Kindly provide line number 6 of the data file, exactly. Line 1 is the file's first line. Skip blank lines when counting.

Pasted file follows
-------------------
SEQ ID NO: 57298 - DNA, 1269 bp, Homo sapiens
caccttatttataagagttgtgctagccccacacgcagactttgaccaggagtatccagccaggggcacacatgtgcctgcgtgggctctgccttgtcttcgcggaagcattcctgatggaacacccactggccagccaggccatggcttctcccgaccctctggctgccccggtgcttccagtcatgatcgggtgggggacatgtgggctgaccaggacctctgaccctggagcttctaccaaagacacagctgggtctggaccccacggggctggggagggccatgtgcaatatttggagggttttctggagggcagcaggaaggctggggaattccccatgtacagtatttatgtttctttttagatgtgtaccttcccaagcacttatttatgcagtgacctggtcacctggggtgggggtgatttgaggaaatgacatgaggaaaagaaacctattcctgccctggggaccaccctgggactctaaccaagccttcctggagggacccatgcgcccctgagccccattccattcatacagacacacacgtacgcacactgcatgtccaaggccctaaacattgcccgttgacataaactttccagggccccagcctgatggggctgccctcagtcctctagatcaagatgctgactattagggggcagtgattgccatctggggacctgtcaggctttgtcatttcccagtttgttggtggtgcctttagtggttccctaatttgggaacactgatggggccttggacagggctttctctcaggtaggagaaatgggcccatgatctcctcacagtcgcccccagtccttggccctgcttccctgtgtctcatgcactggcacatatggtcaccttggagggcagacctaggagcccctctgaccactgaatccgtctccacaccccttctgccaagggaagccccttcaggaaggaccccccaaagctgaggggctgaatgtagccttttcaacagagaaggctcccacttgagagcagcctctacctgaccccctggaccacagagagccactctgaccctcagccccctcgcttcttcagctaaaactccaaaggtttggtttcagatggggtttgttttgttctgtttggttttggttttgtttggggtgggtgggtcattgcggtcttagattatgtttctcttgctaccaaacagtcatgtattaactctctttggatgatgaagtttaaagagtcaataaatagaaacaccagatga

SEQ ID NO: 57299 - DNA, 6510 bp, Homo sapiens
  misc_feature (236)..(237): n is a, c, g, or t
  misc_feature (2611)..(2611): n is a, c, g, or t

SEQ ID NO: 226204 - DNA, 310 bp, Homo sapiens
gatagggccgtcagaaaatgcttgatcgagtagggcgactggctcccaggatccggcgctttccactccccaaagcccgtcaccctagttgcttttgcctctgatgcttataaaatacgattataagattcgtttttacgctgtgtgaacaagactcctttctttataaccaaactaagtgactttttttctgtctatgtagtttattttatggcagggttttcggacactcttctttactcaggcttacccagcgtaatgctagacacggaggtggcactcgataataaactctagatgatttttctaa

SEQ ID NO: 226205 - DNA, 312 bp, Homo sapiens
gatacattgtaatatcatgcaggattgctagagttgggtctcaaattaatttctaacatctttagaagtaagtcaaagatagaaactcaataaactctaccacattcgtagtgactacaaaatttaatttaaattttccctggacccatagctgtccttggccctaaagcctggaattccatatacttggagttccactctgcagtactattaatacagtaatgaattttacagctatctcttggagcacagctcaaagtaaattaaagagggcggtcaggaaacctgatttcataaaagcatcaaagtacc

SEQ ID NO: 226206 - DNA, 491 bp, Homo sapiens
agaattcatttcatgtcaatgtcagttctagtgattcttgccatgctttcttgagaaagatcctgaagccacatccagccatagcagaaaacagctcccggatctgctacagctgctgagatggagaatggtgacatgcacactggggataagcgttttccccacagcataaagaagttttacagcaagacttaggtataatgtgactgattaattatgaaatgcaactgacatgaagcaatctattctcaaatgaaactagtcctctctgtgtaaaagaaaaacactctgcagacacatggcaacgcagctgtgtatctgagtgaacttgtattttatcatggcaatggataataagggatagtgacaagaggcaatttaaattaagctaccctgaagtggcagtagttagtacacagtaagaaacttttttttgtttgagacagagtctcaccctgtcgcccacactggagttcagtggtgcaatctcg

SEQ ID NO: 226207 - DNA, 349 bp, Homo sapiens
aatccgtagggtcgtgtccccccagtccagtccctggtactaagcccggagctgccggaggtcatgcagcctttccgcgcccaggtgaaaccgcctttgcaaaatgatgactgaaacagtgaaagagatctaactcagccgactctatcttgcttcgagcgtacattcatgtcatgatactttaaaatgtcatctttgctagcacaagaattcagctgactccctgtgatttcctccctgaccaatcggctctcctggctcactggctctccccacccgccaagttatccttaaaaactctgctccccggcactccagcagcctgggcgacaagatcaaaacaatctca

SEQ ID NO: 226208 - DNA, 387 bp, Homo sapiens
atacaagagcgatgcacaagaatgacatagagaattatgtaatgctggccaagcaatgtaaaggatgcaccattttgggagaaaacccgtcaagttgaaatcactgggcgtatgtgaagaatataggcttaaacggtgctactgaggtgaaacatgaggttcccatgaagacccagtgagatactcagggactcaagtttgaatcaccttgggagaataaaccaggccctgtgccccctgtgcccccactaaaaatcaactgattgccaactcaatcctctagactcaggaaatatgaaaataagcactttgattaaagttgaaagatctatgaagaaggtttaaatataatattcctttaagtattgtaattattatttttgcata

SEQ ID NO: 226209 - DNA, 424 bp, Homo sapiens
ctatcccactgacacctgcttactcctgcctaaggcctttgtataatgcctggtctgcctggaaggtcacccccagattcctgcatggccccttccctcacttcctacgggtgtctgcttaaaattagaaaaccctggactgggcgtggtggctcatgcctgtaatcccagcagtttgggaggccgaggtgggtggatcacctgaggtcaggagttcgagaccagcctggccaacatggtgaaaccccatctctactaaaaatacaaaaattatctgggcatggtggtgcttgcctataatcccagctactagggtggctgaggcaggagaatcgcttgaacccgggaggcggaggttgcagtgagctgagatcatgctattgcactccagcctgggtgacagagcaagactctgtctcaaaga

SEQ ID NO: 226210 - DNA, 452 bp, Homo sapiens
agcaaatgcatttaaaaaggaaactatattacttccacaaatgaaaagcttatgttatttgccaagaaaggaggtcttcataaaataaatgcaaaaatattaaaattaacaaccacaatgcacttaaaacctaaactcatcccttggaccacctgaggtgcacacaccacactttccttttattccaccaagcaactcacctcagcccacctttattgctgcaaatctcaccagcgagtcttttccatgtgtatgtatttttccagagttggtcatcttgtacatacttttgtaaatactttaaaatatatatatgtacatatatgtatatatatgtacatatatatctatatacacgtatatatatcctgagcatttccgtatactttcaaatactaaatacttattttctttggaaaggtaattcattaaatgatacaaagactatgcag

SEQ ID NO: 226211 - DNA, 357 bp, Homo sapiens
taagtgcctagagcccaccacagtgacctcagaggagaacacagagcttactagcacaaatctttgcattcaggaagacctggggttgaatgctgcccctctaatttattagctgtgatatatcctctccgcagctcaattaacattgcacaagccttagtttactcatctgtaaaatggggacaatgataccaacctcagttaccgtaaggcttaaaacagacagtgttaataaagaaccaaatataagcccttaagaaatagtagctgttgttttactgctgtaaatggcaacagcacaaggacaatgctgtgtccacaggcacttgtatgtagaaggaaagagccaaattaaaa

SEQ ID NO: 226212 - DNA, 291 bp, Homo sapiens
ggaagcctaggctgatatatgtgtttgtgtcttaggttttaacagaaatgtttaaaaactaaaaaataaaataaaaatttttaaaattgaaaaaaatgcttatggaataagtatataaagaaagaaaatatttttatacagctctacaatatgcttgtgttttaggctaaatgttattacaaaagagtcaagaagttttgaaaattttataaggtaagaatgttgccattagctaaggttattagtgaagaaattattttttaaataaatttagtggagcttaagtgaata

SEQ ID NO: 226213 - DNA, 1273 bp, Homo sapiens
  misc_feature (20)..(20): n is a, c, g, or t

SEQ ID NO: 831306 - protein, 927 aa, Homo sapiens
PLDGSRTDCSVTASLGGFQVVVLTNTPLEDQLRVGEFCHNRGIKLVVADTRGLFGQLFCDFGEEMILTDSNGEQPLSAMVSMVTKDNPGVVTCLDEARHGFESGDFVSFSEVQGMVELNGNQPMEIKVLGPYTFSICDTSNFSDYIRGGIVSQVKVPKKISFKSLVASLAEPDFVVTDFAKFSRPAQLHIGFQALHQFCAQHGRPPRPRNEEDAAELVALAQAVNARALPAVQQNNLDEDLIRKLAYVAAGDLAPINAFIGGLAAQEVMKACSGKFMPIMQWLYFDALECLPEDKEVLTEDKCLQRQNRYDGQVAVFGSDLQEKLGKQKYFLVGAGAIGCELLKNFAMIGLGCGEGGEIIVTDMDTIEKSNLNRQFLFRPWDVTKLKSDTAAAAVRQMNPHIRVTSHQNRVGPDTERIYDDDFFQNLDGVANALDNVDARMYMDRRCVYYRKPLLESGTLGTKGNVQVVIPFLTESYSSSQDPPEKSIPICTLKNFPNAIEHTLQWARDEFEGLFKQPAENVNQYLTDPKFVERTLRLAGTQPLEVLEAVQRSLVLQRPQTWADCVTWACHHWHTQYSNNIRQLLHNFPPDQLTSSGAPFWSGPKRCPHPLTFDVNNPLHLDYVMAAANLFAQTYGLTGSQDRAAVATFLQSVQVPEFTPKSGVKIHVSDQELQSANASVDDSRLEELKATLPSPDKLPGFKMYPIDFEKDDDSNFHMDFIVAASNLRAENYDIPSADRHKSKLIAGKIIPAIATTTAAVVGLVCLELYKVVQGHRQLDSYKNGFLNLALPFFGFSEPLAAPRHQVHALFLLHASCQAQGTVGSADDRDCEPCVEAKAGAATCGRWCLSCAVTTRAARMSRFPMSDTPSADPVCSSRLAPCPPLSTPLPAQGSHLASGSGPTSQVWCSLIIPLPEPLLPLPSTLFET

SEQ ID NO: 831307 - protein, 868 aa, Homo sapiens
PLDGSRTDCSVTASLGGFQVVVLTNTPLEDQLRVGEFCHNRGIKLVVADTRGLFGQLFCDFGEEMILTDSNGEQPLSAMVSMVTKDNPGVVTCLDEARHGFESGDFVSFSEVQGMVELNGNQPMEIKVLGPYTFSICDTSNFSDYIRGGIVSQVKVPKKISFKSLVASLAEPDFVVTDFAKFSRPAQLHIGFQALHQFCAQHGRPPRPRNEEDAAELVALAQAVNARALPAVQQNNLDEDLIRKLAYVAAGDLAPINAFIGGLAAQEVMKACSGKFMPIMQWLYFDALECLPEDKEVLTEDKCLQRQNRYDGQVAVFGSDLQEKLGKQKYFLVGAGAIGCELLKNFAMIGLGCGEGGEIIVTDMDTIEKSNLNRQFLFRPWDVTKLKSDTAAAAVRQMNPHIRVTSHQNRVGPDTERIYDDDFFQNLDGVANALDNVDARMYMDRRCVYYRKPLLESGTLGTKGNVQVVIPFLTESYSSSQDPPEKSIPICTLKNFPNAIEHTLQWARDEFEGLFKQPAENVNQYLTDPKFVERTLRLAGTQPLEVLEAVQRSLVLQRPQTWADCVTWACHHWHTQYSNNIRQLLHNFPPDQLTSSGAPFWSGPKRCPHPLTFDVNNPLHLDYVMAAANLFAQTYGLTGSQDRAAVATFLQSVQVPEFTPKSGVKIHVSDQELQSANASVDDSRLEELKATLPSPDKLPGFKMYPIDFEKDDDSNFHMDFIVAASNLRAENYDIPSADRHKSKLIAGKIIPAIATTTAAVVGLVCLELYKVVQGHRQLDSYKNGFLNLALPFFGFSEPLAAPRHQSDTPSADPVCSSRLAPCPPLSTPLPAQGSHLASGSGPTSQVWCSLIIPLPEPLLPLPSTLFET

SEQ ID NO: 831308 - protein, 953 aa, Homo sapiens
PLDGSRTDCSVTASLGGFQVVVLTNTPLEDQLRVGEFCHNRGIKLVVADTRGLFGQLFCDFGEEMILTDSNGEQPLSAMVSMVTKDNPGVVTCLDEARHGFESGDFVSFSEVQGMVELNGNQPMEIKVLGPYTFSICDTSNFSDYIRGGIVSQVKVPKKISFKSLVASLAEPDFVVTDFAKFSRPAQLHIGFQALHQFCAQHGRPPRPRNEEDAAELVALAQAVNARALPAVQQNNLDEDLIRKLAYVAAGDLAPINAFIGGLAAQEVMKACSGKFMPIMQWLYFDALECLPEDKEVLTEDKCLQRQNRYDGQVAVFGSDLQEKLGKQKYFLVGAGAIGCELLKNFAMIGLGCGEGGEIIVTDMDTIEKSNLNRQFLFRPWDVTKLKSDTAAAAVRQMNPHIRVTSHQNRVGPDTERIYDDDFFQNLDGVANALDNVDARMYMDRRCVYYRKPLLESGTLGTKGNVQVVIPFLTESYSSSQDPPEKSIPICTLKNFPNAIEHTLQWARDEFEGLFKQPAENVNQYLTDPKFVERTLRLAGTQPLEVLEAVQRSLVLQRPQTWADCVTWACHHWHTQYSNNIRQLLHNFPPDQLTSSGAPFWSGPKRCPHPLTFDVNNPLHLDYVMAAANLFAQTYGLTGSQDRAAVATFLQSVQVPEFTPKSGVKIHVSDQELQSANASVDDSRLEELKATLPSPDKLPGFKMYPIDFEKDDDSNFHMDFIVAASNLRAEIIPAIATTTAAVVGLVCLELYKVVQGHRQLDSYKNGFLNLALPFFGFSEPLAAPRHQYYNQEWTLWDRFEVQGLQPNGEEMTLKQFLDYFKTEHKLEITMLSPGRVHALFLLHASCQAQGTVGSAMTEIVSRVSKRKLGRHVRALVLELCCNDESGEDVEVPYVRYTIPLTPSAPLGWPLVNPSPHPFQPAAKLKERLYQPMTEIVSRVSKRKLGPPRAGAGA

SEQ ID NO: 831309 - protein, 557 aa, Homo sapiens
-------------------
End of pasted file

SEQ ID NO: 226204 - DNA, 310 bp, Homo sapiens